DIY Culture Industry: Signifying Practices, Social Networks and Other Instrumentalizations of Everyday Art

From Your Everyday Art World:

The subject of D.I.Y. is not an autonomous individual; rather it’s a “free agent” or networker who, by being so thoroughly defined in her or his predisposition to “doing” and making connections, is always situated and contextualized, externalized and performative. And yet this agent remains “free” despite being context-dependent because the new context is not thought to be the all-determining social structure or the rigid bureaucratic institution or the brainwashing ideological apparatus. It’s the temporary project.

The dual emphasis on networked connectivity and D.I.Y. agency helps account for the unique spatial template of today’s art: extremely proximate performances staged against a backdrop of seemingly unimpeded international travel. Both are equally crucial to the art world now that prestige is measured in communicational terms, according to which the only thing more valuable than extensive reach is complex, intimate feedback. Providing the pivot between the two is the short-term contract or informal work agreement, which allows for both engagement in specific productive situations and quick disengagement so that productive units will return constantly to the circulatory movement of the market. Because the contract facilitates embeddedness-for-hire, or employment agreements heavy with subjective performance and investment, it is both the means by which artists enter into socially and contextually embedded projects and at the very same time the means by which they just as easily become disembedded from context, free of social ties.

But this is also where myriad problems arise. In charting the world in this way, with focus shifted onto individual actors and their immediate and intimate connections and, at the same time, the indeterminate and immeasurable space of international mobility in which those contexts and connections unfold, how do mid-range issues of modern social organization not get displaced and obscured? Don’t constantly fluctuating networks threaten certain conditions necessary for bringing about social justice, such as the stability and enclosure required for determining collectivities or “wholes” that can be measured by, and held accountable to, the yardstick of across-the-board fairness? Doesn’t the ideal of equal distribution of resources prohibit the amount of asymmetry of connections and access that is the a priori assumption of network models? (This asymmetry often goes unremarked in all the hoopla about networks, about how, in their horizontality, they are supposedly non-hierarchical and egalitarian, even though the period of their rise has also been marked by dramatic increases in all sorts of inequality.)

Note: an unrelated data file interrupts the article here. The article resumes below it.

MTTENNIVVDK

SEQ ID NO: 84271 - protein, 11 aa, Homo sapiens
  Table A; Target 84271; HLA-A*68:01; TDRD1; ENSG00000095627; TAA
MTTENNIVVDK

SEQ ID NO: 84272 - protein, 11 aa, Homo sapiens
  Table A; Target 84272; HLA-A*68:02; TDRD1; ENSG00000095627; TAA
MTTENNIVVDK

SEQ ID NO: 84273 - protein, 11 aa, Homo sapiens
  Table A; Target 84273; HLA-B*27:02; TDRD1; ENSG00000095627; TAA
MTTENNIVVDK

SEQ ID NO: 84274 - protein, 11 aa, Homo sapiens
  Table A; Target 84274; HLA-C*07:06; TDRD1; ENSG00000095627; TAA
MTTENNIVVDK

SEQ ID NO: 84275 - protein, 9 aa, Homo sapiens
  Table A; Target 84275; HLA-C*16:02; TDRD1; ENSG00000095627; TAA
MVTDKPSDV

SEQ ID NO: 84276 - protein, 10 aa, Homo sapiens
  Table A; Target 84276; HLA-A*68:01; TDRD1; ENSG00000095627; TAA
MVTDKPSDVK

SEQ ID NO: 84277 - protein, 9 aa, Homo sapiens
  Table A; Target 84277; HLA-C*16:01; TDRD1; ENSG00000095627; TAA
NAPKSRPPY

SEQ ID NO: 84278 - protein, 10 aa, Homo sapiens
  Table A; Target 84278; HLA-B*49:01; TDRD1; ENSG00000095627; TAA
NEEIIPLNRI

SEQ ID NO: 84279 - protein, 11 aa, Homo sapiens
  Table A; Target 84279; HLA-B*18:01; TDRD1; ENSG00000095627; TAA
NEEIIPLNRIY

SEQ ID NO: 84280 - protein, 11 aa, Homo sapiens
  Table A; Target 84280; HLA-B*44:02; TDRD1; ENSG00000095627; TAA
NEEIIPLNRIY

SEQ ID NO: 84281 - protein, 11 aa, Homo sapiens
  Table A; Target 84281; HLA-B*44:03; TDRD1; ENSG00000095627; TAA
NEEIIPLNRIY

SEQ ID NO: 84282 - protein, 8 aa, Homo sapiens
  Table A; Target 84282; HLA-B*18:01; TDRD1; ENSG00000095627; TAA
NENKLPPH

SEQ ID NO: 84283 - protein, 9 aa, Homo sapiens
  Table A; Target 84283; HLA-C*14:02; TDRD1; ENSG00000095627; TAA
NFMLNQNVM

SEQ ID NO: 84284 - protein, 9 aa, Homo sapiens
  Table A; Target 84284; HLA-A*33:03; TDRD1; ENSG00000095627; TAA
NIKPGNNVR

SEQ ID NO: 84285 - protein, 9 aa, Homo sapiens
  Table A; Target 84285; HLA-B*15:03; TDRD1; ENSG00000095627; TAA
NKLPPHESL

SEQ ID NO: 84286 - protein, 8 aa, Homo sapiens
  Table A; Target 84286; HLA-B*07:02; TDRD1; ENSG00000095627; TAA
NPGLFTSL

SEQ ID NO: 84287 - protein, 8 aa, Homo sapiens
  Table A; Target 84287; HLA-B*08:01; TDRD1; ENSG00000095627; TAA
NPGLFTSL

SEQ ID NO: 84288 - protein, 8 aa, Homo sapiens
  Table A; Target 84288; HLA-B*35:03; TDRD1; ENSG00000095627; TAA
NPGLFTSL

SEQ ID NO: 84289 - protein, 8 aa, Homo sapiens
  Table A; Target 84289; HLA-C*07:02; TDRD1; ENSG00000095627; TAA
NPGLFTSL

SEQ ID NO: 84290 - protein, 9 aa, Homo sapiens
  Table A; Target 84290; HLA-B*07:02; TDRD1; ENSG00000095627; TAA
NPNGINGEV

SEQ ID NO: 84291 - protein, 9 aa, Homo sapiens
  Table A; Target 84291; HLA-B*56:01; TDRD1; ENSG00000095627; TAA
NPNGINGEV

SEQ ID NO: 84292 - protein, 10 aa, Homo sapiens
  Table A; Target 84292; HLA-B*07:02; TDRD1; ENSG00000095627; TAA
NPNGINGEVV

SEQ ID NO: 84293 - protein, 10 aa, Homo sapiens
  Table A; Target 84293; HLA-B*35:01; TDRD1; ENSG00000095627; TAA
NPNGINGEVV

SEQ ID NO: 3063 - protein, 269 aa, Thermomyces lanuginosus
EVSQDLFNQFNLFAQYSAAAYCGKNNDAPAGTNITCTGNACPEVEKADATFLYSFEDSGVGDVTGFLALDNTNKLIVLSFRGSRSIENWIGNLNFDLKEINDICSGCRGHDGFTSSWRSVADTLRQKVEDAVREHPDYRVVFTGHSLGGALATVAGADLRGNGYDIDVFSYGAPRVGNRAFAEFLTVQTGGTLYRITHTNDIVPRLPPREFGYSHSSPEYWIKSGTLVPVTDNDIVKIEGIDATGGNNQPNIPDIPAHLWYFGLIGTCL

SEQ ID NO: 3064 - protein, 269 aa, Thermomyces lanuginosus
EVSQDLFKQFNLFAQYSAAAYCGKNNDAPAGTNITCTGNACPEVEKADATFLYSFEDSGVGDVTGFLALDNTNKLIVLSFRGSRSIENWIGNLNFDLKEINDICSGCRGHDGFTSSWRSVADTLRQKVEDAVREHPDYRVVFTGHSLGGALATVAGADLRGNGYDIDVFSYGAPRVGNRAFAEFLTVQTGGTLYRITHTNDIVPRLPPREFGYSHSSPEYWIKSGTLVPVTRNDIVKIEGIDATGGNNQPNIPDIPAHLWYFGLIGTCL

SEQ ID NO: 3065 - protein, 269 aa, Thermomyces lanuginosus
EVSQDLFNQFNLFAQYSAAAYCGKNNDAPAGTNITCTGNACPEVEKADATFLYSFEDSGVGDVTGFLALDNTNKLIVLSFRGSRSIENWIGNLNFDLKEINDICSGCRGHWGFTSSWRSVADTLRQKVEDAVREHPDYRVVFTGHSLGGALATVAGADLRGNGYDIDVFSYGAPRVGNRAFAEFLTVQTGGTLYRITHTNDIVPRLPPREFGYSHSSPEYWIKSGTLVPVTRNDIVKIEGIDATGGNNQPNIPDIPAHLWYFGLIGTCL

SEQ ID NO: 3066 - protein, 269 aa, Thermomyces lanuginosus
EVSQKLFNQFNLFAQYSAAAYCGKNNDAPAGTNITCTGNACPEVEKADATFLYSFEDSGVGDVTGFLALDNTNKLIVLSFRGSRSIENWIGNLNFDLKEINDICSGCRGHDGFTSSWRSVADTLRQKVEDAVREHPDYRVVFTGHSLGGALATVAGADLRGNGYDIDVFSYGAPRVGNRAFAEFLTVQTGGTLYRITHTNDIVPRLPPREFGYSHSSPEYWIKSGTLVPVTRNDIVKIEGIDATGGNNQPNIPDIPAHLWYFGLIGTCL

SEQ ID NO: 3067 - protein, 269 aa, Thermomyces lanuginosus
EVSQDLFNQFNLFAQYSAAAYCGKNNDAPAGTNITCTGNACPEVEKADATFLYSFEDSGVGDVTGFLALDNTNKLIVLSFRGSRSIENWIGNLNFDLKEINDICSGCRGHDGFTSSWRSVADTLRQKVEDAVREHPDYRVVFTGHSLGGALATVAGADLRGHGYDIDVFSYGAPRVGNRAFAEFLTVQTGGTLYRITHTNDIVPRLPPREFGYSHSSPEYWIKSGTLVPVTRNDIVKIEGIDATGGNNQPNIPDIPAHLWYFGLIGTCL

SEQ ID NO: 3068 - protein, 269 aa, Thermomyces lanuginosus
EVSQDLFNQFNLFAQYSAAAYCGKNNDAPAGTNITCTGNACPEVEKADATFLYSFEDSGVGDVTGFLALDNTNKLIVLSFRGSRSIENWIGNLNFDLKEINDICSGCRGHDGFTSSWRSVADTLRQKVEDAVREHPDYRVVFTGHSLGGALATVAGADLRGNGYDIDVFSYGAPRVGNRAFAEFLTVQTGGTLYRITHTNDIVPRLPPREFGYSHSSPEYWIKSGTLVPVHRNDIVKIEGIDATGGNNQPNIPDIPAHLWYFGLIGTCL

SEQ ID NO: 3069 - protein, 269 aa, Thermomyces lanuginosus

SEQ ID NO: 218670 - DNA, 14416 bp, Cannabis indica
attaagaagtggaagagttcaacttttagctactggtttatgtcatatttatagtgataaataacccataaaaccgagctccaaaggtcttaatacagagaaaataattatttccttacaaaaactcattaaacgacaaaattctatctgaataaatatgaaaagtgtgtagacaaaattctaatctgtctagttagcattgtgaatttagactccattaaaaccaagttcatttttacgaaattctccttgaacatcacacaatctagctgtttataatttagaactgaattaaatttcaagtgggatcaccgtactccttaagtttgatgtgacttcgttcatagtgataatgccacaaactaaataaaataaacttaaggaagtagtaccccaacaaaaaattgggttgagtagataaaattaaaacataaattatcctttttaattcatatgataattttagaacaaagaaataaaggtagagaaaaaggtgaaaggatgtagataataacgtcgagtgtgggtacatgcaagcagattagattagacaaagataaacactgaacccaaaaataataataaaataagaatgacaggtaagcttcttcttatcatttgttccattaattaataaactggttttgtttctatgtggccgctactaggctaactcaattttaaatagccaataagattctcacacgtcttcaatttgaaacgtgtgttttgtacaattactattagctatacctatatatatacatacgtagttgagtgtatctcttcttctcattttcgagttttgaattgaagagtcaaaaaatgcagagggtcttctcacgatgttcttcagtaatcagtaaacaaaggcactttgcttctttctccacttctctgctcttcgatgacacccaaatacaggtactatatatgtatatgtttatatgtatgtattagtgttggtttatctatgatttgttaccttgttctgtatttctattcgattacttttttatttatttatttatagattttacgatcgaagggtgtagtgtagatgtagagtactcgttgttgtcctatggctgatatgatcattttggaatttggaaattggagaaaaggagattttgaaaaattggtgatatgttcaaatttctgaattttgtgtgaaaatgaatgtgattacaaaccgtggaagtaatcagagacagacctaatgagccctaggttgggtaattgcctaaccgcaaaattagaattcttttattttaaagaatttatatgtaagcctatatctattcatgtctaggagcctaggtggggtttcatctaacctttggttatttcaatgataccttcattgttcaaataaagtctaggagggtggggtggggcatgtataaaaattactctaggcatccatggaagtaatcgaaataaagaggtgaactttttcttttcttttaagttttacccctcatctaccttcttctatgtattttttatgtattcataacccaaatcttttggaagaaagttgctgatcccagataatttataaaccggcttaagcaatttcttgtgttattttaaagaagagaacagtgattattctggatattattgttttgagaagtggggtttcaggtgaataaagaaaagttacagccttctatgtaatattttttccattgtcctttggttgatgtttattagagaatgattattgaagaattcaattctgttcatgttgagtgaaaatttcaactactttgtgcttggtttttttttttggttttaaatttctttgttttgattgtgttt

“The number of American workers who don’t have traditional jobs — who instead work as independent contractors, through temporary services or on-call — rose 9.4 million from 2005 to 2015. That was greater than the rise in overall employment, meaning there was a small net decline in the number of workers with conventional jobs. That, in turn, raises still bigger questions about how employers have succeeded at shifting much the burden of providing social insurance onto workers…” – New York Times 31 March 2016

“Availability is now a major form of human capital, in both high-powered salaried positions and low-level hourly jobs. Low-wage workers need to be available at all hours or risk not having work. Professionals are expected to remain electronically tethered to their jobs day and night or risk forgoing coveted opportunities.” – New York Times 20 September 2012

“No longer are workers tethered to a desk, or even to an office; we are all toting around laptops, tablets and smartphones to make every place a workplace. And so office software is changing. These days, what is important is collaboration, small screens, fast turnarounds, social media and, most of all, mobility.” – New York Times 30 July 2013

“Today, some 42 million people — about a third of the United States work force — do not have jobs in the traditional sense. They fall into a catchall category the government calls “contingent” workers. These people — independent contractors, freelancers, temp workers, part-timers, people between jobs — typically work on a project-to-project basis for a variety of clients, and most are outcasts from the traditional system of benefits that provide economic security to Americans.” – New York Times 1 December 2011

“The combination of three trends — automation; the emergence of a trade-based international labor force; and the movement of jobs offshore — has polarized the job market.  There is growth at the high and low ends, but the middle collapses.” – New York Times 19 February 2012

“There’s a lot less money in serving ‘an entire and diverse community’ than there used to be.” – 15 August 2013

“Today, where the triumph of more utopian theories of mass culture seems complete and virtually hegemonic, we need the corrective of some new theory of manipulation, and of a properly postmodern commodification, which couldn’t in any case be the same as Adorno and Horkheimer’s now historical one.” – Fredric Jameson

“I believe the use of the term ‘industry’ for the entire range of activities of those who are employed or working on a freelance basis in the art field has a salutary effect. With one stroke that term cuts through the romantic clouds that envelop the often misleading and mythical notions widely held about the production, distribution, and consumption of art.” – Hans Haacke


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